This is a fun, light read that kept me entertained from beginning to end. The main characters have superb chemistry, frequently exchanging witty banter. The sole drawback is the brevity of the story, making the relationship development rather shallow and the conflict resolution fairly easy. I believe this to be the constraint of the format, rather than the fault of the author or story. I would quite happily have spent more time with Jamie and Connor and would have enjoyed delving deeper into their pasts and exploring their personalities more completely. Still, I recommend this for a quick and dirty read, particularly if you require more sexy Irishmen in your life. Grade: B.


In A Game of Brides by Megan Crane, Emmy Mathis’s spoiled sister demands that she spend three weeks in Montana in preparation for her wedding and Emmy has little choice but to leave her life in Atlanta and return home. She’s resentful of her sister Margery’s demands, yet feels obligated to indulge her whims and stay with their grandmother. But when she arrives at the airport, it isn’t a family member who is there to meet her. It’s Griffin Hyatt, the grandson of her grandma’s best friend and the guy she fell for over ten years ago. She’s less than happy to see him though, as the last time she saw him he was walking away, leaving her alone and humiliated. With Margery’s wedding looming, Emmy will have to work through her hurt and anger with Griffin, who keeps tantalizing her with his sexy ways.

This novella is part of the Montana Millionaires series. It’s a quick, fluffy read where the conflict centers mainly around Emmy’s anger at Griffin’s past actions. I found her level of anger with him a bit disproportionate and the acrimony between the two was too much for me to truly enjoy their relationship, at least initially. The writing is smooth though and I liked that Emmy was feisty and unafraid to go toe-to-toe with Griffin when he misbehaved. By the end of the story I felt like they had worked through their issues and achieved the beginnings of an HEA. Grade: B-.


Caz’s takes:

In my original AAR review of Katharine Ashe’s My Lady, My Lord, I said that this isn’t a book for historical purists, given that the method the author uses to bring together her protagonists is one rooted firmly in the 20th century rather than the 19th. Personally, however,  I was completely won over right from the start by the humour, the strong characterisation and the crispness of Ms. Ashe’s writing.  I’m a sucker for a good “we say we hate each other but really want to get into each others’ pants” story, and this is a very good one indeed.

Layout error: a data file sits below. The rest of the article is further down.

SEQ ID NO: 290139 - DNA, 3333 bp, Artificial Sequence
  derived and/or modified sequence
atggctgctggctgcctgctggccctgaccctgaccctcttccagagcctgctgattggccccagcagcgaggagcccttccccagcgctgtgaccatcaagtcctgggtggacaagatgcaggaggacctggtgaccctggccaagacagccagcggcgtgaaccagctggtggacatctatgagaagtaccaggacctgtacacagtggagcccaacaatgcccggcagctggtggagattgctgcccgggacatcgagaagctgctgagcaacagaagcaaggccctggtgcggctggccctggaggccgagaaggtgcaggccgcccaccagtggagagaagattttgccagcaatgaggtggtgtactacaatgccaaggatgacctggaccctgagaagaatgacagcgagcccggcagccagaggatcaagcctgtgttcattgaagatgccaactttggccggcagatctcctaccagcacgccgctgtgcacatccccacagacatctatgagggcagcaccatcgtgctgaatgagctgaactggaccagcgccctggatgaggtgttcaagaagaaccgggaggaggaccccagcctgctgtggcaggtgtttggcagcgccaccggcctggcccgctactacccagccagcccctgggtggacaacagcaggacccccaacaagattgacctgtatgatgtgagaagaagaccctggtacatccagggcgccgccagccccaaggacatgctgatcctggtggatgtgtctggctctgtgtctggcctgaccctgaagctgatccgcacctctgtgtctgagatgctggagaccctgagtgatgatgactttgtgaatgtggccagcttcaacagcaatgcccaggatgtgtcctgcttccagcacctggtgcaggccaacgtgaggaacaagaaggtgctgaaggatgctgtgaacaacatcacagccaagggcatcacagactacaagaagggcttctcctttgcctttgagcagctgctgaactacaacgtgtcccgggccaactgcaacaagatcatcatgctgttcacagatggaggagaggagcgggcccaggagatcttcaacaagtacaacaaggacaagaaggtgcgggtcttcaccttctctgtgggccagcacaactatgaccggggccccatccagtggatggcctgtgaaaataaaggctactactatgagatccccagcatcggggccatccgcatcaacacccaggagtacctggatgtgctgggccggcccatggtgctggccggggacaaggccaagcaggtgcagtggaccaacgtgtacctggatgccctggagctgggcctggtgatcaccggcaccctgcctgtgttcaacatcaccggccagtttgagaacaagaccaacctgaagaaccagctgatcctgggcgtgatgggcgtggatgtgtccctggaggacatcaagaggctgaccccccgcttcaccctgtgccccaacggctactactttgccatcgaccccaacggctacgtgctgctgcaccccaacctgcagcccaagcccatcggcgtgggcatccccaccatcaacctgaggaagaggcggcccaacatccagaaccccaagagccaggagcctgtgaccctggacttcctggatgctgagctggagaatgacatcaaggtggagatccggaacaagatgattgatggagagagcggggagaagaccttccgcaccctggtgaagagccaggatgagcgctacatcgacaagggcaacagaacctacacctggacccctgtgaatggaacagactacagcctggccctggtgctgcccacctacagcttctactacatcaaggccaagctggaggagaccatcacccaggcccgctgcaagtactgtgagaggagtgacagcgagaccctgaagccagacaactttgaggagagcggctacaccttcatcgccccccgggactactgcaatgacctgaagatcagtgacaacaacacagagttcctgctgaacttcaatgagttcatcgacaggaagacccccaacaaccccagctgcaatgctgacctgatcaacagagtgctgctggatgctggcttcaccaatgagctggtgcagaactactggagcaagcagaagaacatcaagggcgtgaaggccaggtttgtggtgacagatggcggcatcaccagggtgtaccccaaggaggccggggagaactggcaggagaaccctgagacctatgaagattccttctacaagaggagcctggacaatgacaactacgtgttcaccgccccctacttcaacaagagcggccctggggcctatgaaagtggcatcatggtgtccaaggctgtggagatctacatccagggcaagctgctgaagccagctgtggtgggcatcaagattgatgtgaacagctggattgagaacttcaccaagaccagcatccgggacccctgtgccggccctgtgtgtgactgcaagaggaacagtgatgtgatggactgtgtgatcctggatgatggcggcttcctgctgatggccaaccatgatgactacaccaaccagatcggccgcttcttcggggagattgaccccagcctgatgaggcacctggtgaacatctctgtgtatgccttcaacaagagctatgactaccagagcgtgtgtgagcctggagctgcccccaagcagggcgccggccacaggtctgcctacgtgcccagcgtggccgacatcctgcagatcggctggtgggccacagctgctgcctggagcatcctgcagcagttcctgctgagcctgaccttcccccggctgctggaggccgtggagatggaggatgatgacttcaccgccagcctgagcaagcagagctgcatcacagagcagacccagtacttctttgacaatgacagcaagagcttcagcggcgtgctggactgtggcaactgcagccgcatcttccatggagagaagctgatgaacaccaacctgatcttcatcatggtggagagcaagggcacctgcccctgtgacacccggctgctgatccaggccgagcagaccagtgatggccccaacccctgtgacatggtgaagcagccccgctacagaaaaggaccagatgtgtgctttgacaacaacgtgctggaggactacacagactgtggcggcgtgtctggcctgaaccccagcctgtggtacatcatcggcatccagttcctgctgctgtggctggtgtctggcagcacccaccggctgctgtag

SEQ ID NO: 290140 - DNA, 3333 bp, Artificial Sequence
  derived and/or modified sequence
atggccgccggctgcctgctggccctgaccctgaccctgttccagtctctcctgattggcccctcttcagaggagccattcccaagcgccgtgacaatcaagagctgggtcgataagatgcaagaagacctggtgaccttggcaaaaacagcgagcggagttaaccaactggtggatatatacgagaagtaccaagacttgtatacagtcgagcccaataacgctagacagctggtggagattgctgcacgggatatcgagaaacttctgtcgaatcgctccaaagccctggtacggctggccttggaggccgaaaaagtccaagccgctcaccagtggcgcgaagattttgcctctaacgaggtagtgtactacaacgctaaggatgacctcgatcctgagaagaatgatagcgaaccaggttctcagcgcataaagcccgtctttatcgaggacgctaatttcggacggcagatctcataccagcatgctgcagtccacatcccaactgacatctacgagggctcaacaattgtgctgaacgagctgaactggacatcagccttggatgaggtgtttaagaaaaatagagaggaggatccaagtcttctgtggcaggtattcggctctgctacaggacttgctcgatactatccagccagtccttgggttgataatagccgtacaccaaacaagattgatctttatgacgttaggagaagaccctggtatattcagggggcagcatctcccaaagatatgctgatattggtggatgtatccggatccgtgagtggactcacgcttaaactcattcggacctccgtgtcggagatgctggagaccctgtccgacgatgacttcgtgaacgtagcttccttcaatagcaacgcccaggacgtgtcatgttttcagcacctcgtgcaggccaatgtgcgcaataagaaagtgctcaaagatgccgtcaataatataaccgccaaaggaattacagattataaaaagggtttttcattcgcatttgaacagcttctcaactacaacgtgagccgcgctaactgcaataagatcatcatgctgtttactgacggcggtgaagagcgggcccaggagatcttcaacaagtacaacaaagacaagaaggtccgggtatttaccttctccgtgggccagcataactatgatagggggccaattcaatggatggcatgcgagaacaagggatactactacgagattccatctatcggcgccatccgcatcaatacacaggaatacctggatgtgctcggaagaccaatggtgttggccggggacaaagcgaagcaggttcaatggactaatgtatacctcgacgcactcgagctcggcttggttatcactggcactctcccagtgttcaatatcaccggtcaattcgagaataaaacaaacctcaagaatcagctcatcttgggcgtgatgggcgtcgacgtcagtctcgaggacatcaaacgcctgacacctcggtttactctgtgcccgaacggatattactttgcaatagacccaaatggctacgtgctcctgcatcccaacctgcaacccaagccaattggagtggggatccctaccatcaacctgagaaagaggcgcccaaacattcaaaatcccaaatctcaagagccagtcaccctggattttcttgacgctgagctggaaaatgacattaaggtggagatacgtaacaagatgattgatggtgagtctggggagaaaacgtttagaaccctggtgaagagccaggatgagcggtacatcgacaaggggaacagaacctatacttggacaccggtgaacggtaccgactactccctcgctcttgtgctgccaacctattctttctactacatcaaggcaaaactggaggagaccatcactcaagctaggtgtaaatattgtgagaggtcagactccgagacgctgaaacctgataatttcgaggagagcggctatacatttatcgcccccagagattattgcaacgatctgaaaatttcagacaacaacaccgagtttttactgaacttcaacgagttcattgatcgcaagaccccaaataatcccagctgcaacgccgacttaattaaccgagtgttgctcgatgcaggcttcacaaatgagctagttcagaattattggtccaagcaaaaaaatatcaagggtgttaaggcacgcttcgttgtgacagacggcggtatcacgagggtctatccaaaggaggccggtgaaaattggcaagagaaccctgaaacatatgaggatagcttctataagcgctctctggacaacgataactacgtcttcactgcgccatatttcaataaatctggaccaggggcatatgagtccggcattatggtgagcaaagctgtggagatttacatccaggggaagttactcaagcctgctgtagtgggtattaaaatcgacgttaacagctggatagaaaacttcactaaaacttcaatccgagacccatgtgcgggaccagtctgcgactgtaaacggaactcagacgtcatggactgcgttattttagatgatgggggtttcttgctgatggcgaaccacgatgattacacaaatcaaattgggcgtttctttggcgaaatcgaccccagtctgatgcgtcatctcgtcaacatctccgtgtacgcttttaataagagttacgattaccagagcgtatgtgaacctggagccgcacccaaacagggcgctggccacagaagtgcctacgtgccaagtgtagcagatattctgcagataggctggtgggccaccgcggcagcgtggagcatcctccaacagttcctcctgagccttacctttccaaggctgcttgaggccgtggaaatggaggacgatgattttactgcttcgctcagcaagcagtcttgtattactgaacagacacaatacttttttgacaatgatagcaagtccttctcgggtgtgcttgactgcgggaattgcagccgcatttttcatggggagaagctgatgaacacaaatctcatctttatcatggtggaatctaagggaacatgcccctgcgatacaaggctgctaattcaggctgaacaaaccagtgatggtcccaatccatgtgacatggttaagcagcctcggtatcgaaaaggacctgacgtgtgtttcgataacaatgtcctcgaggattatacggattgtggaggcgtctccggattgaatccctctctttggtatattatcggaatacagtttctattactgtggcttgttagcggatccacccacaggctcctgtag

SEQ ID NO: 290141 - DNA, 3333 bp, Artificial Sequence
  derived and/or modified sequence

Lady Corinna Mowbray and Lord Ian Chance have known each other since childhood, and have detested each other for just as long.  Her nickname for him is “cretin”, and he thinks she’s a starchy, dried-up spinster who is incapable of feeling emotions other than scorn and pride.  But when the supernatural takes a hand, our protagonists are suddenly forced to re-evaluate their lives and their attitudes towards one another.  Ian comes to see how limited Corinna’s choices really are, and discovers how patronising it is for a woman of her spirit and intelligence to be constantly dismissed on the grounds of her sex.  And Corinna finds out how hard Ian has to work in order to maintain his estates and look after his mother and younger brother, while society continues to tar him with the same brush as his wastrel father.

Ms. Ashe has a real talent for witty dialogue which is much in evidence here, but she’s also able to create moments of true poignancy and emotion.  The sexual tension between the leads is scorching, and overall, My Lady, My Lord is a refreshingly different, fun read. Grade: B.

Darling Beast is the seventh book in Ms. Hoyt’s Maiden Lane series. The novel has a gentler feel than some of the other titles in this series, and is no less enjoyable for that, as the author is able to spend more time concentrating on illuminating the characters and developing the central romance. The hero is Viscount Kilbourne who was wrongly imprisoned for murder.  At the end of the previous book, Kilbourne is sprung from Bedlam by the Ghost of St. Giles, and is now hiding out in the ruins of the pleasure garden known as Harte’s Folly.  He’s doing more than hiding, however –he is also a skilled landscape designer and is working on the garden restoration following a devastating fire.